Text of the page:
Healthy Cook: Can the right diet help with clinical depression?

SOME DAYS you just don’t feel like doing much. That’s normal. If most days are like that, it’s not normal. You could have clinical depression. A visit to your doctor is in order for a proper diagnosis. Many diseases can have symptoms similar to depression and you or a well-meaning friend or relative are not qualified to give your problem a name.

But, let’s say you are just feeling down in the dumps. Eating proper foods can be an easy step to get you on the path to feeling better. According to WebMD, you should have a diet that is balanced and full of nutrients. That’s what we should all be eating. We need vitamins, minerals, carbohydrates, protein, and a little fat. Simple? It is if you want it to be and make it happen.

Free radicals run rampant in our bodies and are considered the bad guys of aging, cell damage, and dysfunction. They like to go after the brain. Antioxidants are the good guys, racing around our bodies gobbling up the bad guys … sort of like Pacman with a healthy purpose. Beta-carotene, vitamin C and vitamin E are the soldiers you want on your side.

Get beta-carotene from apricots, broccoli, cantaloupe, carrots, collards, peaches, pumpkin, spinach, and sweet potato. For vitamin C, eat blueberries, broccoli, grapefruit, kiwi, oranges, peppers, potatoes, strawberries, and tomato. For vitamin E, head straight for nuts and seeds, vegetable oils, and wheat germ.

Carbohydrates often get a bad rap. Don’t turn thumbs down on carbs. They are good for us and our bodies need them. What we don’t need is the carbs in doughnuts, cake, candies, cookies, and simple sugars. Go for whole grains, fruits, and vegetables. Instead of a slice of cake for dessert, enjoy a sliced juicy peach topped with crushed nuts or a spoonful of low-sugar granola and a dollop of fat-free yogurt.

Mid-afternoon can be the time of the day when you feel blah. Just a little down and groggy. You need a pick-me-up. Nix the candy or soda and reach for a slice of turkey or a piece of chicken. A chunk of low-fat cheese works, too. So do beans and peas, lean beef, fish, milk, soy products, and yogurt.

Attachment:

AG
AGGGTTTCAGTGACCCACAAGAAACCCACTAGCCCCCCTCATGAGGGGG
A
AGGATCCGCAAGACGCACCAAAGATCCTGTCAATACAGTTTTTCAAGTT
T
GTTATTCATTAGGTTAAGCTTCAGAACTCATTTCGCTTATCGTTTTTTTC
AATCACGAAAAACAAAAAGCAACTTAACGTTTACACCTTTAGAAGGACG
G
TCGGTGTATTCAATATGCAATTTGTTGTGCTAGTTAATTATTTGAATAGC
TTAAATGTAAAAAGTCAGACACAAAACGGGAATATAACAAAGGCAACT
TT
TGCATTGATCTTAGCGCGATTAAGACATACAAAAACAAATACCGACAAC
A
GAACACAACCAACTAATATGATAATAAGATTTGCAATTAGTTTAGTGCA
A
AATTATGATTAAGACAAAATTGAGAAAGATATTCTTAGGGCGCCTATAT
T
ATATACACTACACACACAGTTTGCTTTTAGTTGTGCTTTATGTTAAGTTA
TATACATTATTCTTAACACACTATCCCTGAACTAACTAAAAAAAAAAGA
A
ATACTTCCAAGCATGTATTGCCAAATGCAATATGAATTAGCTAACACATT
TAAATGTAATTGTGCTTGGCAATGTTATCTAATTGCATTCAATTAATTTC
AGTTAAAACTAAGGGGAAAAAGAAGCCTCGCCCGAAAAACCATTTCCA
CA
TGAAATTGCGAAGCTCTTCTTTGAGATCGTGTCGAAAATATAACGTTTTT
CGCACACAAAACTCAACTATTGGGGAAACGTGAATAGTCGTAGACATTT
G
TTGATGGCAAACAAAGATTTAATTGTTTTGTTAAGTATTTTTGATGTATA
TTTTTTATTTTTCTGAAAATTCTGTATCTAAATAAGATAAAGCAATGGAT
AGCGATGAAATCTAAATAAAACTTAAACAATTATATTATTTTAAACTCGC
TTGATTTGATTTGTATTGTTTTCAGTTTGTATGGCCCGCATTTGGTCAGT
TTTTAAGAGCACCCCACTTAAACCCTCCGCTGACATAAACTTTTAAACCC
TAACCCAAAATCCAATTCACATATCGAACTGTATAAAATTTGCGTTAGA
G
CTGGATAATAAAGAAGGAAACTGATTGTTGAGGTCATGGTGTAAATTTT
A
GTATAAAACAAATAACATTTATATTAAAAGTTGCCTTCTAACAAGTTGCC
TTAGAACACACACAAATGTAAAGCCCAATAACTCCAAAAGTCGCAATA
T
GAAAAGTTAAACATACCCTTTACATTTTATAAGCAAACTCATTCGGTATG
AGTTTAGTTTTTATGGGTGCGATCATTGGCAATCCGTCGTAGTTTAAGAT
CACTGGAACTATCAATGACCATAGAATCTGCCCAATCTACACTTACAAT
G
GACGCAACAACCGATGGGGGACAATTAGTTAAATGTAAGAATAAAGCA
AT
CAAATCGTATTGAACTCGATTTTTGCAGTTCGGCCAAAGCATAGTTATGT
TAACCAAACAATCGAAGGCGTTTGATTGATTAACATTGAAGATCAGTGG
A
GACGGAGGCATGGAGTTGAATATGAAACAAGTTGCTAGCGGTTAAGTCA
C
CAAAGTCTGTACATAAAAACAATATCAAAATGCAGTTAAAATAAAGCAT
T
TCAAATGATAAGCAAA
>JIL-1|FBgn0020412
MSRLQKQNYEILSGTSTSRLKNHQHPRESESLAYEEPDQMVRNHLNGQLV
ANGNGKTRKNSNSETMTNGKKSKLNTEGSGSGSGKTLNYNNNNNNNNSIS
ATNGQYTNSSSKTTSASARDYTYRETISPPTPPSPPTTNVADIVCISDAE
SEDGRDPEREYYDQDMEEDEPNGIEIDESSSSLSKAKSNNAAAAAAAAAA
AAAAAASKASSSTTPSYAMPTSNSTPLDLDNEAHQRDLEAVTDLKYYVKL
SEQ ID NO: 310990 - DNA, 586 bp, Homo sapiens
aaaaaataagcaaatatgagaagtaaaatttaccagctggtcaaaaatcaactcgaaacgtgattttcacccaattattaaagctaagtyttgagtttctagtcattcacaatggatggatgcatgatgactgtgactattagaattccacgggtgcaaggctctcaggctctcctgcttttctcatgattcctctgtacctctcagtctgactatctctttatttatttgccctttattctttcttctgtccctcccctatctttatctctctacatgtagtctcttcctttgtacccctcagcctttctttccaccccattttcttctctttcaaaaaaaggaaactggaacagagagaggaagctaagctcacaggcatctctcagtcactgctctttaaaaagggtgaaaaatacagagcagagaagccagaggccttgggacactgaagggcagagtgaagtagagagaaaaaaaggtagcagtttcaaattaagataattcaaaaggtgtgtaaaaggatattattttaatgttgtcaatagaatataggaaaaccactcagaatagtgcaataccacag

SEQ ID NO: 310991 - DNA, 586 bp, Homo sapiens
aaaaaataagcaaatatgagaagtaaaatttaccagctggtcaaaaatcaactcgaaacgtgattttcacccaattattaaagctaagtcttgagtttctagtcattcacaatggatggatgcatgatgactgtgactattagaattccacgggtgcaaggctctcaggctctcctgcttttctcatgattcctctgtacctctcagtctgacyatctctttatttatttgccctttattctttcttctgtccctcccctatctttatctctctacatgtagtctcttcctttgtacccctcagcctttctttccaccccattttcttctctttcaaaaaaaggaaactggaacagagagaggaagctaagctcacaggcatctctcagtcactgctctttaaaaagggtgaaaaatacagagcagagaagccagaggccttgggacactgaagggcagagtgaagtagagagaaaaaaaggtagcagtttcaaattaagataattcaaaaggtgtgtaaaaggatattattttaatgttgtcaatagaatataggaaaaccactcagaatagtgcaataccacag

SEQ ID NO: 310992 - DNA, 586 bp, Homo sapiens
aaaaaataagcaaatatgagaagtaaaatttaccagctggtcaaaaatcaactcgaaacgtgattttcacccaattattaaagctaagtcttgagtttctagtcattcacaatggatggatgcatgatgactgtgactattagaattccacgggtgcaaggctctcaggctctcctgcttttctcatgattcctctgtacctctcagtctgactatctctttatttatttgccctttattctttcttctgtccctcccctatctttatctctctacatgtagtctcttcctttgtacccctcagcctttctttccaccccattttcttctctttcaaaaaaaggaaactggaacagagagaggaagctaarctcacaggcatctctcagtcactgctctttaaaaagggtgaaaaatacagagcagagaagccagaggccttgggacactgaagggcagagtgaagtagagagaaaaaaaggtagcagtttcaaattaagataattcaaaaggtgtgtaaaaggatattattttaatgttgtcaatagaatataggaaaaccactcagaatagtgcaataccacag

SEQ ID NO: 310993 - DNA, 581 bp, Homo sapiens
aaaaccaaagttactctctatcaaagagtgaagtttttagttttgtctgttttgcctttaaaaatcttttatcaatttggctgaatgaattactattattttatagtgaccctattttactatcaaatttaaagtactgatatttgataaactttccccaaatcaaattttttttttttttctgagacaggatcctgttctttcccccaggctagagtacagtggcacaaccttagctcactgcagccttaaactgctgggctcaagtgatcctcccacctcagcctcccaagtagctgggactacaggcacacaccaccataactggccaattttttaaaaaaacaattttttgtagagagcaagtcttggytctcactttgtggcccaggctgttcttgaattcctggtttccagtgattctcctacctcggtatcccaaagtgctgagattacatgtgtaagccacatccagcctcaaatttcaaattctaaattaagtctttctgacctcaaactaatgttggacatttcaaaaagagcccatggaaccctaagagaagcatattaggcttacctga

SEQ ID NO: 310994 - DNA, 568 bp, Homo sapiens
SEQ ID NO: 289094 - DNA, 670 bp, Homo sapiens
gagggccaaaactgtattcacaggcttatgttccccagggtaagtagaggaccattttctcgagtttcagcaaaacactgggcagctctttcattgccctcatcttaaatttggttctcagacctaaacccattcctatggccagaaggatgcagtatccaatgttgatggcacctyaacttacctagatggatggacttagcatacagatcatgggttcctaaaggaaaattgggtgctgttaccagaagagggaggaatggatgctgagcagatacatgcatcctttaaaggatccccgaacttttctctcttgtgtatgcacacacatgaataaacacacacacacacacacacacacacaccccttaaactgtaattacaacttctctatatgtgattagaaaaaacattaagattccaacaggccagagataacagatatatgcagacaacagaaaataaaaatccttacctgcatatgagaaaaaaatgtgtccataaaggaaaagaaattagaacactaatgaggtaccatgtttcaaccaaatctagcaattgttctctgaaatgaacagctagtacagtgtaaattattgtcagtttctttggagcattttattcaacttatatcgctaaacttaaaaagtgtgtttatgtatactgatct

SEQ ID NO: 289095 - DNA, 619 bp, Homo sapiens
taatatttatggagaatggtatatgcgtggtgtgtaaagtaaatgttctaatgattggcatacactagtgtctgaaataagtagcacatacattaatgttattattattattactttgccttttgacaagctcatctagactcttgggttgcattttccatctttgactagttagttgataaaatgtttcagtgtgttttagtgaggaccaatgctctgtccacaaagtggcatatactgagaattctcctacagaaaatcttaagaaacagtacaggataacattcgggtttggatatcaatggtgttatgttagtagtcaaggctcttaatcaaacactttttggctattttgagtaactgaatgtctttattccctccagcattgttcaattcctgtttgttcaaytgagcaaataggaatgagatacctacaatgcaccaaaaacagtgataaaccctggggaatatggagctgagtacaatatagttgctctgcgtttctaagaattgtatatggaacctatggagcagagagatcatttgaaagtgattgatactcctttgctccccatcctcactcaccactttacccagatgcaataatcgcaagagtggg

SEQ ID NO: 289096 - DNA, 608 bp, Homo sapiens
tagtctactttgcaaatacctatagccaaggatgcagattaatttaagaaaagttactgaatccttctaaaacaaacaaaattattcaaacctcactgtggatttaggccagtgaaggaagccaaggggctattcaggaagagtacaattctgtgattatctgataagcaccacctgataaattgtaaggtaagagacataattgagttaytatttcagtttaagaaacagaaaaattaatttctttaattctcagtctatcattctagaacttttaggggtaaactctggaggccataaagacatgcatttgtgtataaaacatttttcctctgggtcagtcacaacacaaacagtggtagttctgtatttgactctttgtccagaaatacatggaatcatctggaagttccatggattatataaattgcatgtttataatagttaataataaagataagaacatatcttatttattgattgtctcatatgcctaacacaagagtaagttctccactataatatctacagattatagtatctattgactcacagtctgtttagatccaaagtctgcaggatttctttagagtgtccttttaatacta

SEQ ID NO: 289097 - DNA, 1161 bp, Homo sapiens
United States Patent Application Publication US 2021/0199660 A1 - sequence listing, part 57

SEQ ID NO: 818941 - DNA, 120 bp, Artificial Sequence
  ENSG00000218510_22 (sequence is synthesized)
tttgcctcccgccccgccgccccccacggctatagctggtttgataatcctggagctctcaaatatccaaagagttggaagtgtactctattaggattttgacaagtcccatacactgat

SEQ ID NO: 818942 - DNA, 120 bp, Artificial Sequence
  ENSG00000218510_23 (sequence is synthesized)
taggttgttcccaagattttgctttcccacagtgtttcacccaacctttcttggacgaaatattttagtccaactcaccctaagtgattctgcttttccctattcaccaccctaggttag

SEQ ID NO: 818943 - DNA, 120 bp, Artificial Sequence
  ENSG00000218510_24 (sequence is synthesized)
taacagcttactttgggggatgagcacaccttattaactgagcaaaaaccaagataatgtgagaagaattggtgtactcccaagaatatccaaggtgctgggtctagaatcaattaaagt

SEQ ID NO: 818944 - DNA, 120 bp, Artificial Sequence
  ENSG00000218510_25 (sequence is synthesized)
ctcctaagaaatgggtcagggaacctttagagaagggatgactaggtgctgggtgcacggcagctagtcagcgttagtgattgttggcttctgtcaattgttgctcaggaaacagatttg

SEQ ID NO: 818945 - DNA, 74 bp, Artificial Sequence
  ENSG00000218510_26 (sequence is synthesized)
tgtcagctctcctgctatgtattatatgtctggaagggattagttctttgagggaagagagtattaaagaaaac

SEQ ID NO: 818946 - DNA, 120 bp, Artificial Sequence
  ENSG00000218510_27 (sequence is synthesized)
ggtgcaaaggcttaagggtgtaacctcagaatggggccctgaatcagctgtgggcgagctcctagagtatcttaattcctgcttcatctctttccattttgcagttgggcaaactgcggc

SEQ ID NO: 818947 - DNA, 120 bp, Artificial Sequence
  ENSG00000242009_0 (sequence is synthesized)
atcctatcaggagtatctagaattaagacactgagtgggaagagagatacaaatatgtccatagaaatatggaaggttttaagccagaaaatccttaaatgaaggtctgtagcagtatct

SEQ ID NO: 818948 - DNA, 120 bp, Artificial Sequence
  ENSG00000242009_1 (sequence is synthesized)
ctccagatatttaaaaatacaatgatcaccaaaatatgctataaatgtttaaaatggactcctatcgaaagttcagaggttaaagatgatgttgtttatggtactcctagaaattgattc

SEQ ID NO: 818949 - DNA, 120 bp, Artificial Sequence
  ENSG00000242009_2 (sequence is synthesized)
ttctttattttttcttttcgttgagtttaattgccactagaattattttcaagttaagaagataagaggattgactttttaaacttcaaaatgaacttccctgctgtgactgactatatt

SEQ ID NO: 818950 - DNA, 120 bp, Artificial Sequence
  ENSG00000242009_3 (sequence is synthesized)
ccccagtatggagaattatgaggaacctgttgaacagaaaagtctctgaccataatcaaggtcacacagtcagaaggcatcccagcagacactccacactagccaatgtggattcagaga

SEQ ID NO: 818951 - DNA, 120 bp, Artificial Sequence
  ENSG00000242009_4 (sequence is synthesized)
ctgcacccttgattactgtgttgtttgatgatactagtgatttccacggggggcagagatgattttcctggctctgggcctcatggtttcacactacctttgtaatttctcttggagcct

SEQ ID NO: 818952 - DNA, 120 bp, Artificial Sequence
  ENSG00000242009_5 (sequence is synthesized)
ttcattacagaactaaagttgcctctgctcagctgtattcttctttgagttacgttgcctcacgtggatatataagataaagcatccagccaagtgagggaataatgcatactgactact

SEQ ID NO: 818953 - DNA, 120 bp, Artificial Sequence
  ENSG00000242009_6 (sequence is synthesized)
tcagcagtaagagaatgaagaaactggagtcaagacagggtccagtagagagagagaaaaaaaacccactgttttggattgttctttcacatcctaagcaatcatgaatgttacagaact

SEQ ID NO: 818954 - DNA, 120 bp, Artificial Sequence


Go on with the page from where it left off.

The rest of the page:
A Spanish study found a link between depression and lack of enough folate and vitamin B12. The Mediterranean diet is high in staples such as legumes, nuts, many fruits, and dark green vegetables, fish and low-fat dairy products. Just what we need. Get out an Italian cookbook and go to it.

It’s hard to imagine vitamin D deficiency in Florida. We are the Sunshine State. But we’re also the hot-as-the-devil state, and we spend a lot of time in air conditioning. Cool, inside air doesn’t supply vitamin D. Studies have found lack of vitamin D linked to depression. Depressed people who lack vitamin D have gotten better with increased intake.

A cup of two percent milk has 25 percent of the vitamin D that we need in a day. A cup of fat-free Greek yogurt has the same amount. If you don’t like milk, you can turn it into rice pudding with cooked brown rice, a couple of eggs, cinnamon and nutmeg and some raisins for sweetening. Mix a little vanilla with Greek yogurt and it’s not as tart.

We need selenium to be healthy. Too little selenium has been associated with poor moods. Ideal intake is 55 micrograms a day for adults. You can get that in a couple of Brazil nuts. Look for selenium in beans and legumes, lean meat (lean pork and beef, skinless chicken, and turkey), low-fat dairy products, nuts and seeds (particularly Brazil nuts), seafood (oysters, clams, sardines, crab, saltwater fish, and freshwater fish), whole grains (whole-grain pasta, brown rice, oatmeal, etc.).

We need omega-3 fatty acids. Studies have found too little omega-3 can lead to depression. People with ample omega-3 have less depression. You can get omega-3 from fatty fish such as mackerel, sardines, tuna, and salmon. Other sources of omega-3 are flaxseed, canola oil, soybean oil, walnuts, and dark green leafy vegetables. Whip up a tasty salad from a can of fish or leftover salmon, mayo, chopped walnuts or Brazil nuts, some raisins or Craisins, and pineapple. Serve it in a hollowed red, juicy tomato or with whole wheat crackers or on dark romaine leaves.

Now you have all sorts of goodies on one plate. It was simple to make (one bowl to wash), tasty, and very healthy.


article by by TRENT ROWE

Trent Rowe is the food editor of Central Florida Health News.

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